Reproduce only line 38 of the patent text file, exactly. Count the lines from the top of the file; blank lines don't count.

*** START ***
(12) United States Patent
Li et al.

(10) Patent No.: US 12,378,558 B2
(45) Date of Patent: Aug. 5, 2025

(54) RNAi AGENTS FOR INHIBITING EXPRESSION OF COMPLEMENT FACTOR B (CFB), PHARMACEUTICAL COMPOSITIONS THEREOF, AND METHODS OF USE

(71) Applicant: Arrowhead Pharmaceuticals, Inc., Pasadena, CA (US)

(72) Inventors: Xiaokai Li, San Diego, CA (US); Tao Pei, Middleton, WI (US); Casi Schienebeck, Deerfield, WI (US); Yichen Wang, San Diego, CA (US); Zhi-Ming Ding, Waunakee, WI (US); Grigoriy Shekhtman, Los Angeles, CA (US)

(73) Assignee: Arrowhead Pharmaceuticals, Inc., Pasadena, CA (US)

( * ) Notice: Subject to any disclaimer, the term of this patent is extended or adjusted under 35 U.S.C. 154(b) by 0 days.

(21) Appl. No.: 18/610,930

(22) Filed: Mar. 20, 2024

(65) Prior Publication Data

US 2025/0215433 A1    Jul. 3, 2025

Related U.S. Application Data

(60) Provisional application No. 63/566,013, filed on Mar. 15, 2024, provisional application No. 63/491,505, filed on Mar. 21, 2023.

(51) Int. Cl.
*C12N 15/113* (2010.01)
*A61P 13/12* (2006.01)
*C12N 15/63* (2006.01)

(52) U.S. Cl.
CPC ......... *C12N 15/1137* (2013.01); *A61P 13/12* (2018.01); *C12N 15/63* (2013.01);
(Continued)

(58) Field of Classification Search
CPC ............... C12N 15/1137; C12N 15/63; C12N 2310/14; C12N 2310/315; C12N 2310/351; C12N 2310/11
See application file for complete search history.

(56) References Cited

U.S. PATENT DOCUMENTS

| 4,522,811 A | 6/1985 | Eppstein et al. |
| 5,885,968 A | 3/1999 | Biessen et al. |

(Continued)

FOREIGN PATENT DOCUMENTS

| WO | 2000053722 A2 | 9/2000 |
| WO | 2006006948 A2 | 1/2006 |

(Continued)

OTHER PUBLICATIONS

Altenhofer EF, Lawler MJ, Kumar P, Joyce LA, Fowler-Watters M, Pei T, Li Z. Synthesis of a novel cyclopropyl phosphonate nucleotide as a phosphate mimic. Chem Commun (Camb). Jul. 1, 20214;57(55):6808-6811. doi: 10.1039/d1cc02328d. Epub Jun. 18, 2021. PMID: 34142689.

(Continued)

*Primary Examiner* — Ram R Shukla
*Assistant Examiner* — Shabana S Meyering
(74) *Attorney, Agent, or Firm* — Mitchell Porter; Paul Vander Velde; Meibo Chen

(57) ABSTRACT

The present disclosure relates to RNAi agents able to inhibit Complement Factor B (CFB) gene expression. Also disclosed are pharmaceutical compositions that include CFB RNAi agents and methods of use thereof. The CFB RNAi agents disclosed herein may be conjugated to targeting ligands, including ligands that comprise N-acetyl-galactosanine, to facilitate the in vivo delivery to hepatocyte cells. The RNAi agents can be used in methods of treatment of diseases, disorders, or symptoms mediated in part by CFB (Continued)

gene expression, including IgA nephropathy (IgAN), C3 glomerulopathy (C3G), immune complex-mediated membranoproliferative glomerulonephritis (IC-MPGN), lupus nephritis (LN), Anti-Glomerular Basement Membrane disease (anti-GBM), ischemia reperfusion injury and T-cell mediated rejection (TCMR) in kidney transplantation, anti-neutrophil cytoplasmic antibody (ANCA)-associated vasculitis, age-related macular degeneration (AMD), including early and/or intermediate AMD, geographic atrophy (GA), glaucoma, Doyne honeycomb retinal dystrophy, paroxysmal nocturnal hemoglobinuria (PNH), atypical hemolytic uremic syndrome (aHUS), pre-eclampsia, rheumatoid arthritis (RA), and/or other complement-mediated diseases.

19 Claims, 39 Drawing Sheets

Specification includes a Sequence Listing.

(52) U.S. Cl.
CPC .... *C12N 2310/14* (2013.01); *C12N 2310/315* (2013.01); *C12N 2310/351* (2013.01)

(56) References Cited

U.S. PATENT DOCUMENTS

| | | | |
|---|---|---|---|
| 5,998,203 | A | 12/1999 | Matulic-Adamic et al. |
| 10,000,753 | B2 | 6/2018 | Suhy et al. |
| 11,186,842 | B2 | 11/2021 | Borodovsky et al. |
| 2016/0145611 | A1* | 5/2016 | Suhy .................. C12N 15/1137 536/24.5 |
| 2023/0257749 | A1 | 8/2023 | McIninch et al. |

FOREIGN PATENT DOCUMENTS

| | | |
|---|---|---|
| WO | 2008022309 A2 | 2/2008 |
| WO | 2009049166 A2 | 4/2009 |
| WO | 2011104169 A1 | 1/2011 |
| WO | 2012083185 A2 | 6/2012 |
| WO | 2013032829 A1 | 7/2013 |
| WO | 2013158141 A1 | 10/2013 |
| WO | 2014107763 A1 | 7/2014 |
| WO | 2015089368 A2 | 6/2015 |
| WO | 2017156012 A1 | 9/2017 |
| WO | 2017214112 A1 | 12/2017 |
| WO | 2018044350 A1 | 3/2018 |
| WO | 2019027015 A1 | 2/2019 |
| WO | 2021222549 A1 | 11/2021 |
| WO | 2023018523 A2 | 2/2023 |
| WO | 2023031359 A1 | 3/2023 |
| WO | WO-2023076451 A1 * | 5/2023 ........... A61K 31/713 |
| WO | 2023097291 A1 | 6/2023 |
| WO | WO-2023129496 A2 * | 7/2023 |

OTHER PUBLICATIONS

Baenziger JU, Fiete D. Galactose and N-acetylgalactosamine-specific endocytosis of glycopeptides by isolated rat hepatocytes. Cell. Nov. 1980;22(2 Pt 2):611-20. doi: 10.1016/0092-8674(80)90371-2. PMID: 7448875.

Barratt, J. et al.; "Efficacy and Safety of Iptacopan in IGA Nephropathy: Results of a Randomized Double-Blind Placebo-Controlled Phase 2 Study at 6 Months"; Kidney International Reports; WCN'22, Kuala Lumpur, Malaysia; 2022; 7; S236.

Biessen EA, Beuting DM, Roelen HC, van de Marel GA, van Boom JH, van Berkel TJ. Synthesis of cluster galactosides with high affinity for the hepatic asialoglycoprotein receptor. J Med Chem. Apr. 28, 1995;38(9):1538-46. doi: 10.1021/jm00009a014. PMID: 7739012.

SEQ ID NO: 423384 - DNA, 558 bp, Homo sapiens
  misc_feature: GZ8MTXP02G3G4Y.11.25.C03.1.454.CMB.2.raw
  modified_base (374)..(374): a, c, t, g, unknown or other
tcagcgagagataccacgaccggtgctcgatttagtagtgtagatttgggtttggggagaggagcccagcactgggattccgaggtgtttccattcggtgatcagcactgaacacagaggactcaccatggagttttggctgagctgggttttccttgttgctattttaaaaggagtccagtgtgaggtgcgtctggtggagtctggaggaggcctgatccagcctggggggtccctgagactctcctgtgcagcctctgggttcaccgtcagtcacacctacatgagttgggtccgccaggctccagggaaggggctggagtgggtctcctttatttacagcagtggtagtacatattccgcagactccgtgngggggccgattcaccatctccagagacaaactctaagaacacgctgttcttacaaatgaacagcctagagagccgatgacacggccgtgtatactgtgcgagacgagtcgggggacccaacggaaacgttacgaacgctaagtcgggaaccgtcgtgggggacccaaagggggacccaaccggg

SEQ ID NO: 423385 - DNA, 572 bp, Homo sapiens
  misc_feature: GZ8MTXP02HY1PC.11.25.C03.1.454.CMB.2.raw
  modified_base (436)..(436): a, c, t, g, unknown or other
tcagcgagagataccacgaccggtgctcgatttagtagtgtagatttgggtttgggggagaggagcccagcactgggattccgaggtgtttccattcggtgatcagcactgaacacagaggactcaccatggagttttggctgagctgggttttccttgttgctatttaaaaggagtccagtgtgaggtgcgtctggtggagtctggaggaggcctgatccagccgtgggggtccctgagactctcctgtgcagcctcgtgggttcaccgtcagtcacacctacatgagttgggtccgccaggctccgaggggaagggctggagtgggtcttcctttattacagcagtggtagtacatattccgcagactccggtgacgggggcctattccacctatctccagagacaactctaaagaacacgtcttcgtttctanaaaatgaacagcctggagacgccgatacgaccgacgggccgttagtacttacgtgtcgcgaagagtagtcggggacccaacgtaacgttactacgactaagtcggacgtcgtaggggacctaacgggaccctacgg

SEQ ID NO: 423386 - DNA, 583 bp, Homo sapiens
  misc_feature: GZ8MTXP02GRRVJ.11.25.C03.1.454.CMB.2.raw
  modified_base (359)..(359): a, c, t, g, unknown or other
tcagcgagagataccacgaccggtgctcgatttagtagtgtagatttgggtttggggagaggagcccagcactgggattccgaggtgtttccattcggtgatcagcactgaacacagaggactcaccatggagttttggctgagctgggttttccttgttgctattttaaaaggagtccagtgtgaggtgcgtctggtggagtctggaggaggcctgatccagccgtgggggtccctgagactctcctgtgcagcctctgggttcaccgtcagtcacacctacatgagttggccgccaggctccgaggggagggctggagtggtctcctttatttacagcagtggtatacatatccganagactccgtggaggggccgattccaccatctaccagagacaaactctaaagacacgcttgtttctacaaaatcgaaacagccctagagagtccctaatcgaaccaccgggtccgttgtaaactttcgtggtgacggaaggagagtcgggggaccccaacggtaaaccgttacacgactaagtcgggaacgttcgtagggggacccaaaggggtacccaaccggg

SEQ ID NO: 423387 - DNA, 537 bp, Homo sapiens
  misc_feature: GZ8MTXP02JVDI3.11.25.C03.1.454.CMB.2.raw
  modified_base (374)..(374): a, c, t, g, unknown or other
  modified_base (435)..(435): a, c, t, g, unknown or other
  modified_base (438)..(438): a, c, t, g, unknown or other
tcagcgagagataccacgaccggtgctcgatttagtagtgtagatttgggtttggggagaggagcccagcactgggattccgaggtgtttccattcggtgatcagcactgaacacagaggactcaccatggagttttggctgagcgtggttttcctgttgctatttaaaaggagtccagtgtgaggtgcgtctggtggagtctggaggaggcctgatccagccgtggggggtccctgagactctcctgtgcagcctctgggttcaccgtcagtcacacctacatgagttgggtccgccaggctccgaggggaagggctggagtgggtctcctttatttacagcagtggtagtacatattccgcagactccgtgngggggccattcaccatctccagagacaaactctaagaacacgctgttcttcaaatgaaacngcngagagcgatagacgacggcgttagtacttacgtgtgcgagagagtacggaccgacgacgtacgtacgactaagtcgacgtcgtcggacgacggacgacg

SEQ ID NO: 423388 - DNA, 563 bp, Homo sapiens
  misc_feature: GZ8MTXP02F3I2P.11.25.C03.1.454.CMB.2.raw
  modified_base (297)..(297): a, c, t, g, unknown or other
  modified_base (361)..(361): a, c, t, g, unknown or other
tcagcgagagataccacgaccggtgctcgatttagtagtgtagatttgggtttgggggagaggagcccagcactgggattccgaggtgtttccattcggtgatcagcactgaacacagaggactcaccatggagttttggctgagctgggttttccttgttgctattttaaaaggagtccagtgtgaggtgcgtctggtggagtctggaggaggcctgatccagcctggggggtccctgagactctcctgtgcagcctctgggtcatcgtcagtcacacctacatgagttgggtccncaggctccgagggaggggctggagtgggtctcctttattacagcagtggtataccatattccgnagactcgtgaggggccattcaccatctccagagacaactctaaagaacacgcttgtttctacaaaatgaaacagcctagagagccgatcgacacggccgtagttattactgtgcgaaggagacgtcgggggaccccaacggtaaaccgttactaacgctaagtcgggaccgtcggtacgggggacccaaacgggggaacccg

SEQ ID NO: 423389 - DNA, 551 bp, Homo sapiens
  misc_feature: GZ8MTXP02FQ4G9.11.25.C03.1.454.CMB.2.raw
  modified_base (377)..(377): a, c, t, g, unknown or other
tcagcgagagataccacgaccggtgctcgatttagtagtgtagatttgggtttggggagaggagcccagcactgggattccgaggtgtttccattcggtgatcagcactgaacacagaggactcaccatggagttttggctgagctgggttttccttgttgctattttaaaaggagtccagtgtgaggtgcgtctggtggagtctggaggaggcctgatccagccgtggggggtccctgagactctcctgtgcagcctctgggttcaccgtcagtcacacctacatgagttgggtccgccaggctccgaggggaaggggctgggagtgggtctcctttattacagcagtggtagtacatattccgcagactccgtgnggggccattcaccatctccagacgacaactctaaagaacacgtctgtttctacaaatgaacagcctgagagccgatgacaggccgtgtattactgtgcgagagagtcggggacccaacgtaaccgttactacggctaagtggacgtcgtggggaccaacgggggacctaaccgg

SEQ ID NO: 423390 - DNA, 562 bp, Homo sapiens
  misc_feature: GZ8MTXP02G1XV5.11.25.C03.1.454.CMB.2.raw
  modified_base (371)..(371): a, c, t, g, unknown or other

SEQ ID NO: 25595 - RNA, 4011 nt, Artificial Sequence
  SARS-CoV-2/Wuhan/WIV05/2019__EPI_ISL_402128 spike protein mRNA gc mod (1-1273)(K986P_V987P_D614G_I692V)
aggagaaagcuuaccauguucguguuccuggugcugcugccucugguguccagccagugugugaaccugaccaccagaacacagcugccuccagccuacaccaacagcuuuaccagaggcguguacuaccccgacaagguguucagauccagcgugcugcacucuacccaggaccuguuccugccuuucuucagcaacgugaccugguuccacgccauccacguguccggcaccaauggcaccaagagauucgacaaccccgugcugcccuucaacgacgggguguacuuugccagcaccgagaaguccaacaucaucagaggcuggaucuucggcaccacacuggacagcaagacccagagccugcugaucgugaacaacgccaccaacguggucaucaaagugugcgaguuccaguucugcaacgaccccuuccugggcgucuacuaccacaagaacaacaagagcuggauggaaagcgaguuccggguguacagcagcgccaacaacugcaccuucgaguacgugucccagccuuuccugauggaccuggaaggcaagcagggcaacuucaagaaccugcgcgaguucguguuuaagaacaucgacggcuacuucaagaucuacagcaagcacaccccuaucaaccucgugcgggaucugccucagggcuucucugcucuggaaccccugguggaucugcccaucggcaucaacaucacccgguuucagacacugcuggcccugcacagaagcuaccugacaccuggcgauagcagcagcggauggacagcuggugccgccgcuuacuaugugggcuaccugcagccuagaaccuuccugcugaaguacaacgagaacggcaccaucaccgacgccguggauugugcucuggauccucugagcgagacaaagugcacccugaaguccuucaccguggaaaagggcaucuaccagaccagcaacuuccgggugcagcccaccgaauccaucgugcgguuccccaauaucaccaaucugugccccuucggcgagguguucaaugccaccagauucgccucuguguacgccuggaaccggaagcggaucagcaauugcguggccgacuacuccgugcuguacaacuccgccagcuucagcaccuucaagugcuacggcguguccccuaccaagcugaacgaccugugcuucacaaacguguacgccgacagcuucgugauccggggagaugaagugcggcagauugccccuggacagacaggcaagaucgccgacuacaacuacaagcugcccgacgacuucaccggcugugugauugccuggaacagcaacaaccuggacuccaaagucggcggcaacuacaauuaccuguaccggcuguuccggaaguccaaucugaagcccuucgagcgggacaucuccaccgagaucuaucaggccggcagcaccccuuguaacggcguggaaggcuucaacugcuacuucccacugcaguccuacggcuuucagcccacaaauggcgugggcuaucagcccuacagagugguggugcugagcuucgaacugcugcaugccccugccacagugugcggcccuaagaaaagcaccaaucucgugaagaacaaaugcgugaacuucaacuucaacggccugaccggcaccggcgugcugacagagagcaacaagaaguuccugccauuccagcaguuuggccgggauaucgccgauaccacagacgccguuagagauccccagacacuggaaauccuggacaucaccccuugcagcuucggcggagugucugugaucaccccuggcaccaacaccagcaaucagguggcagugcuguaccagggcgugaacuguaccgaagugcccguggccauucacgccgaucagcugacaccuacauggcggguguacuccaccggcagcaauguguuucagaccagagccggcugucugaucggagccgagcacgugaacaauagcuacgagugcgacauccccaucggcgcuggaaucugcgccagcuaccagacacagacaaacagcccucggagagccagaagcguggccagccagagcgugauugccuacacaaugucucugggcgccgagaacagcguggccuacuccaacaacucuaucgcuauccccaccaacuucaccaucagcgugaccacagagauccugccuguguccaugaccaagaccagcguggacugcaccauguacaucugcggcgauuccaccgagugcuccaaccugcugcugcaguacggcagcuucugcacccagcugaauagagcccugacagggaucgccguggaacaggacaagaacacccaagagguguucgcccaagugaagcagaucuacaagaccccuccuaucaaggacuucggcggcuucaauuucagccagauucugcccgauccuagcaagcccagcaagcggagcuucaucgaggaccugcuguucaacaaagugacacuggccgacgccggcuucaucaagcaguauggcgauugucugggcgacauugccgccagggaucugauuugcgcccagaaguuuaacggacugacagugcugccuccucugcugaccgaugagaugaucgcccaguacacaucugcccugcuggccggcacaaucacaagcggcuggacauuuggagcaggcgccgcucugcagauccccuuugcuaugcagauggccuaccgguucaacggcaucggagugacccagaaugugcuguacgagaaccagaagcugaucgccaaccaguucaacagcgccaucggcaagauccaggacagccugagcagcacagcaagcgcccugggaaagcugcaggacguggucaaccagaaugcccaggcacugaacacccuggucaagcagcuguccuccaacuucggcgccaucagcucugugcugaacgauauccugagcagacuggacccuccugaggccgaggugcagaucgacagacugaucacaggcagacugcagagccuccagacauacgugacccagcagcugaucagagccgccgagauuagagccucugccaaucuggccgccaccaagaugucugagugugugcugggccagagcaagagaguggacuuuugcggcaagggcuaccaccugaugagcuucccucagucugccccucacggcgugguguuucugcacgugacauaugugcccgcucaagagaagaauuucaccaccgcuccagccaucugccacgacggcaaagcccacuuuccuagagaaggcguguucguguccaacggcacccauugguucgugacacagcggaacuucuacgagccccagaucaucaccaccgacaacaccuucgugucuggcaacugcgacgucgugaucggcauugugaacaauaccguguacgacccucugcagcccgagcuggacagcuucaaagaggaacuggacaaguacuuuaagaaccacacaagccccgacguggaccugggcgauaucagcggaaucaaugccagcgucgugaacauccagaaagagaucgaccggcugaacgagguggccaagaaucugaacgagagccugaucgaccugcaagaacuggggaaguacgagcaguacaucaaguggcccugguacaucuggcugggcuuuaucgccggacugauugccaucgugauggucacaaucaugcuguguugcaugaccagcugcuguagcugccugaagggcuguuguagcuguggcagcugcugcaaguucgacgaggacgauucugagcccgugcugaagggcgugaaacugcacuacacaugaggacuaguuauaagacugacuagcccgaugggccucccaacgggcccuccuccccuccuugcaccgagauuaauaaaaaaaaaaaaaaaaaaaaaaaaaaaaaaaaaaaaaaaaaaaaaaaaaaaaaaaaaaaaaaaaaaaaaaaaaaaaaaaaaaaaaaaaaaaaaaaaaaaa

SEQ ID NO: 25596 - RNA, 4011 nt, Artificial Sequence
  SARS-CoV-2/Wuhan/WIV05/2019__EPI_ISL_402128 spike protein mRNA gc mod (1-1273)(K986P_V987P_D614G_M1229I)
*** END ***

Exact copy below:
*Primary Examiner* — Ram R Shukla